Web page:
Cohen: Syracuse, Pittsburgh game has ACC implications as teams transition from Big East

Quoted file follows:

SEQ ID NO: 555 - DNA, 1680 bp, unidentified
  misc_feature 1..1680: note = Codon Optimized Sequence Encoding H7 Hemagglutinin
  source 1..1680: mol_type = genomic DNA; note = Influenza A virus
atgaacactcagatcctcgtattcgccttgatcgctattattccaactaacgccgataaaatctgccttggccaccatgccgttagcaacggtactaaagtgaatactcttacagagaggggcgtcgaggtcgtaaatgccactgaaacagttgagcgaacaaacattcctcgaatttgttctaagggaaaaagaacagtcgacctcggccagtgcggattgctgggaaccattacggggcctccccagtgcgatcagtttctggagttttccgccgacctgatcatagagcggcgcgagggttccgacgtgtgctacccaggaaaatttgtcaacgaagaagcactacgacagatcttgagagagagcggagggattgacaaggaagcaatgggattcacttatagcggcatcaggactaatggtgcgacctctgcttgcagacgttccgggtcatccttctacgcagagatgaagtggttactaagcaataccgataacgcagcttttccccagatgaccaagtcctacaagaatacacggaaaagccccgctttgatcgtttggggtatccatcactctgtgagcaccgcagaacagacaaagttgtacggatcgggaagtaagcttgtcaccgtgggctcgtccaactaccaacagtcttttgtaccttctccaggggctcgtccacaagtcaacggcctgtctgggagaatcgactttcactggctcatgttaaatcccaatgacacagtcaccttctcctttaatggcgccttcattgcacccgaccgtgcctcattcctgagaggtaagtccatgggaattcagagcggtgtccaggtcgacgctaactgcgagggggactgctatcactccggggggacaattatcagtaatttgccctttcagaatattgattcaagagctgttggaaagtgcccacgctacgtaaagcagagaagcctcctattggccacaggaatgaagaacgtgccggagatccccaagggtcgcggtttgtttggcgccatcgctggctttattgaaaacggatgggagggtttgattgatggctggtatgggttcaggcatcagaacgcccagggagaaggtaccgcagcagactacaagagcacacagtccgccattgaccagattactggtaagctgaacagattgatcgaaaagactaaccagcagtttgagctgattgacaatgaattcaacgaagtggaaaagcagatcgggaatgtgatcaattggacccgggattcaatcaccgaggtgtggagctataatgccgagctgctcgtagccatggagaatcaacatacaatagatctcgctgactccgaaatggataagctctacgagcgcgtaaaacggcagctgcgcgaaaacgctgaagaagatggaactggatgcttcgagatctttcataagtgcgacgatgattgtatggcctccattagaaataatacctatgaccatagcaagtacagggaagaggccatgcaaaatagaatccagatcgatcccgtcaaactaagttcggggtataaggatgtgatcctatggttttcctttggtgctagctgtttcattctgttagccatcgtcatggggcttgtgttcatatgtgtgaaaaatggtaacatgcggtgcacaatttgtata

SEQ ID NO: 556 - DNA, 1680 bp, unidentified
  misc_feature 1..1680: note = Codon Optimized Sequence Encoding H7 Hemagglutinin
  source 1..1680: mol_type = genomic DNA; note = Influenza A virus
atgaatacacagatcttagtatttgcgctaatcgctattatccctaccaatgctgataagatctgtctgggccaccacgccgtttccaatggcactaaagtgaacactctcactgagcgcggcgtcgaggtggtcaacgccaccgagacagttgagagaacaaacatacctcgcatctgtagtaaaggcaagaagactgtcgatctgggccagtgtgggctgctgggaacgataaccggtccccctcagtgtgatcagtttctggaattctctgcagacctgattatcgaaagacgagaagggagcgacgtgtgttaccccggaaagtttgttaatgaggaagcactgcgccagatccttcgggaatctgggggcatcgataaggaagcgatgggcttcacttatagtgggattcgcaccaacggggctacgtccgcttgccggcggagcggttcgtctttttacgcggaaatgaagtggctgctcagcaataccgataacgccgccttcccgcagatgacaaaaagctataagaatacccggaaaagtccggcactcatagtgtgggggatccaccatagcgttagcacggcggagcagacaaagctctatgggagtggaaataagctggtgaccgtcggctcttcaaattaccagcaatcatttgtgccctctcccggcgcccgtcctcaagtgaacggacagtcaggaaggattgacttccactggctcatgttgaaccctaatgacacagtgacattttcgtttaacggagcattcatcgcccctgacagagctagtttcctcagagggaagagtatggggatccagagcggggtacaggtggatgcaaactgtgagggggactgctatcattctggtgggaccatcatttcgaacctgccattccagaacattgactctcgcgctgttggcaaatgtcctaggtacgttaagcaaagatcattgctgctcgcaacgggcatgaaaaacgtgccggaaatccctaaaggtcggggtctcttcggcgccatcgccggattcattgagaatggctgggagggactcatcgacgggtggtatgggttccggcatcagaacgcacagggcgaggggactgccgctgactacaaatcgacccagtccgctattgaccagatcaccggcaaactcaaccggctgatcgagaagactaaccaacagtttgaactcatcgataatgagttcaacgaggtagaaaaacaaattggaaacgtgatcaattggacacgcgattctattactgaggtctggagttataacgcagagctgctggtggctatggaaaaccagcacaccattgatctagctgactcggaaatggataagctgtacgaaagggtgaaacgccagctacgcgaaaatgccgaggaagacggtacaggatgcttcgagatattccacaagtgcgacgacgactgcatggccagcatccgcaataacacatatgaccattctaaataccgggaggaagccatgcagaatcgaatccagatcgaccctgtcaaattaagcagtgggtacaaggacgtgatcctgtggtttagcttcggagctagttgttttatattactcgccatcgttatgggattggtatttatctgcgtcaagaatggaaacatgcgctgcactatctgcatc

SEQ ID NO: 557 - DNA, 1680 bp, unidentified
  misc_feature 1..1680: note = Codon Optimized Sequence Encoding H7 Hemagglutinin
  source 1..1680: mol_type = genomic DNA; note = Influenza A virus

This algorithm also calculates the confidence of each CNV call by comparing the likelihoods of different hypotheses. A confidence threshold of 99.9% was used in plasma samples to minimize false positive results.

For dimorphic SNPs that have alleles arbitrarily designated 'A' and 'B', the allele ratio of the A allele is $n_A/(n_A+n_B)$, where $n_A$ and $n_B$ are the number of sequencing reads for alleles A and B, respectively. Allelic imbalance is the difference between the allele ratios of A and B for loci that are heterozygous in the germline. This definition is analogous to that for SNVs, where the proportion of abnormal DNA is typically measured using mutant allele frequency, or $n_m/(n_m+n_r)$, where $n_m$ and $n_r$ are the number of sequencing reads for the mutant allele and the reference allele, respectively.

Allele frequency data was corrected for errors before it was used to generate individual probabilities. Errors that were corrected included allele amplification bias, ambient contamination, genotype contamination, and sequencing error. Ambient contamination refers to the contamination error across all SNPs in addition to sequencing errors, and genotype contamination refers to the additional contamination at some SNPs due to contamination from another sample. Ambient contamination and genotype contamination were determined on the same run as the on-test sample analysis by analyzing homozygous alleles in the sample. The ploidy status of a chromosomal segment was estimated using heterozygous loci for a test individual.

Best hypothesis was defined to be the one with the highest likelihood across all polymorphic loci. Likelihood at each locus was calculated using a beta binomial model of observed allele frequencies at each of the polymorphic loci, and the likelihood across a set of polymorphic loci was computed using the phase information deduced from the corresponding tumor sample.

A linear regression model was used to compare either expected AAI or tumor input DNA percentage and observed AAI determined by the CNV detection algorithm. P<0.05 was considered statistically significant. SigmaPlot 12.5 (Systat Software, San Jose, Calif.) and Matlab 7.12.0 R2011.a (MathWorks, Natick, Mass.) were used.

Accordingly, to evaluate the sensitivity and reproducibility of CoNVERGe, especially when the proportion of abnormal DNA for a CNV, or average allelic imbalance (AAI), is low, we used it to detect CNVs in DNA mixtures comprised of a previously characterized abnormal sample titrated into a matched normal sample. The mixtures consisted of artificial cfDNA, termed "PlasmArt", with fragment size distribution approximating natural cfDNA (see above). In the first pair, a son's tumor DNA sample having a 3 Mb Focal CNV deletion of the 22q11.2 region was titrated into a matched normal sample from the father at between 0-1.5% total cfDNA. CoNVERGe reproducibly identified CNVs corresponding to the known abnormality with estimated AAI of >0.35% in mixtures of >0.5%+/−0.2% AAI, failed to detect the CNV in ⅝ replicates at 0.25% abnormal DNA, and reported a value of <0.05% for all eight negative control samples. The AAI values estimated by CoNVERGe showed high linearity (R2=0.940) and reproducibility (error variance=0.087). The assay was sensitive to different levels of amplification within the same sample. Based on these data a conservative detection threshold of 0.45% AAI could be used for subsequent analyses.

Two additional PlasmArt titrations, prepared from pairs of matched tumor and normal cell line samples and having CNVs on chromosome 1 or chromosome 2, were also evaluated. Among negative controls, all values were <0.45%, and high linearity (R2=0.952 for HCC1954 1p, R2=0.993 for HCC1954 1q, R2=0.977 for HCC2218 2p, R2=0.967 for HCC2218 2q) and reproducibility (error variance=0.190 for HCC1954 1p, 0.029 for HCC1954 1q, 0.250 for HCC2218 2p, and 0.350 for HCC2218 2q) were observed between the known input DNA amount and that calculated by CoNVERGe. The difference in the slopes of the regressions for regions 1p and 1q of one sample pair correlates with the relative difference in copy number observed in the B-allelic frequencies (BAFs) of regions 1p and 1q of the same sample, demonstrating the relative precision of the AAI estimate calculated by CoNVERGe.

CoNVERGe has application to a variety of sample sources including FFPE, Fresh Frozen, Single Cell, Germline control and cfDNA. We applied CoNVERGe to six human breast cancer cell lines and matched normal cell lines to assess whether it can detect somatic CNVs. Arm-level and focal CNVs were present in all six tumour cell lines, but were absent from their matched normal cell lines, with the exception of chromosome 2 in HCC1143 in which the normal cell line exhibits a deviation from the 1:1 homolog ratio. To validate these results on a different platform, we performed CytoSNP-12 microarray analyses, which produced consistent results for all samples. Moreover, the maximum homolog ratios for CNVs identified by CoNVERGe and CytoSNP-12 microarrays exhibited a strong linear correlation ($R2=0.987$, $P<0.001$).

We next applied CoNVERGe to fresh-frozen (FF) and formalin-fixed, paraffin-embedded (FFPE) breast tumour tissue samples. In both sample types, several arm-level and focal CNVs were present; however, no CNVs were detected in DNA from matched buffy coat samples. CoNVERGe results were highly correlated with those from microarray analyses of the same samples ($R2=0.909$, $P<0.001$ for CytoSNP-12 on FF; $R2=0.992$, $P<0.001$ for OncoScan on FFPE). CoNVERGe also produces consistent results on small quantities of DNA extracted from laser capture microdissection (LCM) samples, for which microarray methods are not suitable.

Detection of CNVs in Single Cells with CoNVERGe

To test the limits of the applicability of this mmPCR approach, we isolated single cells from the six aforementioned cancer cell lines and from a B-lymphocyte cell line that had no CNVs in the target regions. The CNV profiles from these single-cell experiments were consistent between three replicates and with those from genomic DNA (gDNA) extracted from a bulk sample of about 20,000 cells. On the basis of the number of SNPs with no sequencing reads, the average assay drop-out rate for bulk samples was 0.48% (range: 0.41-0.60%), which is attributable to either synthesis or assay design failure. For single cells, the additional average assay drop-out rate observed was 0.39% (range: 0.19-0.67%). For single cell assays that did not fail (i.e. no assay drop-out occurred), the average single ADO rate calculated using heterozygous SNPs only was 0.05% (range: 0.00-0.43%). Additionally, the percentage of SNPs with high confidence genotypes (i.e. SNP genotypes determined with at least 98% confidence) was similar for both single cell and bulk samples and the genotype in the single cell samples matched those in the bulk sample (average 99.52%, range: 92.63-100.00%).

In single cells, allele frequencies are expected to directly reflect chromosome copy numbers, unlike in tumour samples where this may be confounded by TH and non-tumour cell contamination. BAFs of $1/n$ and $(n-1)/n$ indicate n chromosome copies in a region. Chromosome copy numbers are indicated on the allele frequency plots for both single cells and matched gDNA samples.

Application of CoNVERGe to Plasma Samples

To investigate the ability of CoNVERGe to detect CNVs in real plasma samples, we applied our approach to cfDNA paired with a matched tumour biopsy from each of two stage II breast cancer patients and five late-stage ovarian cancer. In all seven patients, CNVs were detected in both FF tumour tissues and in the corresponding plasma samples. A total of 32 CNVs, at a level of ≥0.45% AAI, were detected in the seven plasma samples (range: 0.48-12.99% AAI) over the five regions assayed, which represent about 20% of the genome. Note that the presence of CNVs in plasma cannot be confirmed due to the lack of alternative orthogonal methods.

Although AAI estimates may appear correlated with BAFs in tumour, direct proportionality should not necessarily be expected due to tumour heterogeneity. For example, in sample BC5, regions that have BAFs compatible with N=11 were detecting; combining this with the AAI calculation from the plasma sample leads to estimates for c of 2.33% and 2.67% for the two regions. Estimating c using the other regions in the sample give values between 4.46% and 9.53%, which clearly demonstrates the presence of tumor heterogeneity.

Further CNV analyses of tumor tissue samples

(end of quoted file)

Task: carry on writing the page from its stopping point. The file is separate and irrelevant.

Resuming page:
first_img Published on October 5, 2012 at 2:59 am On July 16, Syracuse received the details of the pseudo-audition. There would be 12 phases scattered between September and December, with some at night and others during the day. Some indoors and others exposed to the elements.The objective each week remained the same, though the obstacles varied in prowess. Some were mountains (Southern California), while others were molehills (Stony Brook).Its opponent in this rat race for approval is Pittsburgh, both literally — Friday night inside the Carrier Dome on ESPN — and figuratively on a week-to-week basis as each of the 12 football members of the Atlantic Coast Conference keeps a watchful eye on its future brethren.By reaching $7.5-million settlement agreements with the Big East in July to ensure entrance into the ACC for the 2013-14 academic year, Pittsburgh and Syracuse kick-started the season-long tryout whose ultimate prize is football acceptance by the big boys in Tallahassee, Coral Gables and Clemson.Friday’s game in front of a national-television audience is a showdown of sorts, with the winner entering the ACC in a slightly elevated status while the loser is truly the rookie carrying shoulder pads. And after unsightly starts by both Syracuse (1-3) and Pittsburgh (2-2), an added sense of urgency should fill the Carrier Dome as the pressure of making a good impression is heaped on top of the game’s final result.AdvertisementThis is placeholder text“We have the clean slate (with Big East play), and it just makes us feel like we have to work harder, very hard,” SU sophomore safety Durrell Eskridge said. “So when we do get out of the Big East, we can go into the ACC with a name.”While other Syracuse players spewed cliches throughout the week about focusing only on Pittsburgh and ignoring outside distractions on television, Twitter or Facebook, Eskridge spoke candidly — bluntly, even — about distractions and how the Orange compared to some of its previous opponents.He said there is “a lot of down talk” about the program as a result of the 1-3 record and that critics believe some of Syracuse’s previous opponents “weren’t supposed to be out on the field with us at all.”When asked how it made him feel to hear members of the media or people on campus say that teams like USC, Northwestern or Minnesota shouldn’t have been on the same field as the Orange, his response was shocking.“I could totally agree with them,” he said. “So it makes me feel better (about the losses), but at the same time I really don’t try to buy into that at all. I know they ain’t supposed to be on the field with us.”It makes Big East play in 2012 a crucial proving ground to dispel the notion that the Pinstripe Bowl season was merely an outlier between two subpar seasons that more accurately reflect Syracuse’s curve of best fit. Avoiding another bottom-of-the-barrel finish — especially after zero impressive nonconference wins — is imperative if the Orange hopes to be taken seriously in the ACC.The Panthers, though, haven’t been much better. A true case of Jekyll and Hyde, Pittsburgh opened the season with a horrifying 14-point loss to Youngstown State, a Football Championship Series team that made its last postseason appearance in 2006. Pittsburgh then fell victim to a 24-point shellacking at the hands of Cincinnati before rebounding to knock off then-No. 13 Virginia Tech and leave critics across the country profoundly puzzled.It adds a level of intrigue to Friday’s contest, which is on display for all to see in primetime. A turnover-fest replete with ugly football and little excitement could be potentially embarrassing for the ACC, not to mention unappealing to recruits for both schools.“Everybody is going to be watching,” SU sophomore linebacker Cameron Lynch said. “Facebook is going to be blowing up, Twitter, this is national. You know you’ve got to put on and handle your business.”Friday night, then, presents a unique opportunity for Syracuse to separate itself from Pittsburgh with a win and enter the ACC one peg up on the totem pole. A loss would be just another sucker punch to a program that is winless in its last nine games against schools from the power conferences, another hurdle to jump as SU tries to entrench itself in a new region of the country next year.Head coach Doug Marrone said he hadn’t thought about the game from that perspective, focusing solely on improving his team each day in practice. It was a predictable response — one fans and the media have come to expect from Marrone the workaholic.But perhaps this time it would have been all right to peek ahead and think about the ways in which a win against Pittsburgh could slingshot the program. How a positive result would right the ship in 2012 and propel it forward for 2013 with a boost in reputation against its newest rival.A loss on Friday certainly wouldn’t break the program, especially if Syracuse plays well in a losing effort. But it could definitely help make the program, and Eskridge knows it.“It would really turn the knob tremendously,” Eskridge said. “It really would put a name out there for us, and say we’re coming into the Big East ready to fight.”Michael Cohen is a staff writer at The Daily Orange, where his column appears occasionally. He can be reached at, or follow him on Twitter at @Michael_Cohen13. Comments Facebook Twitter Google+last_img

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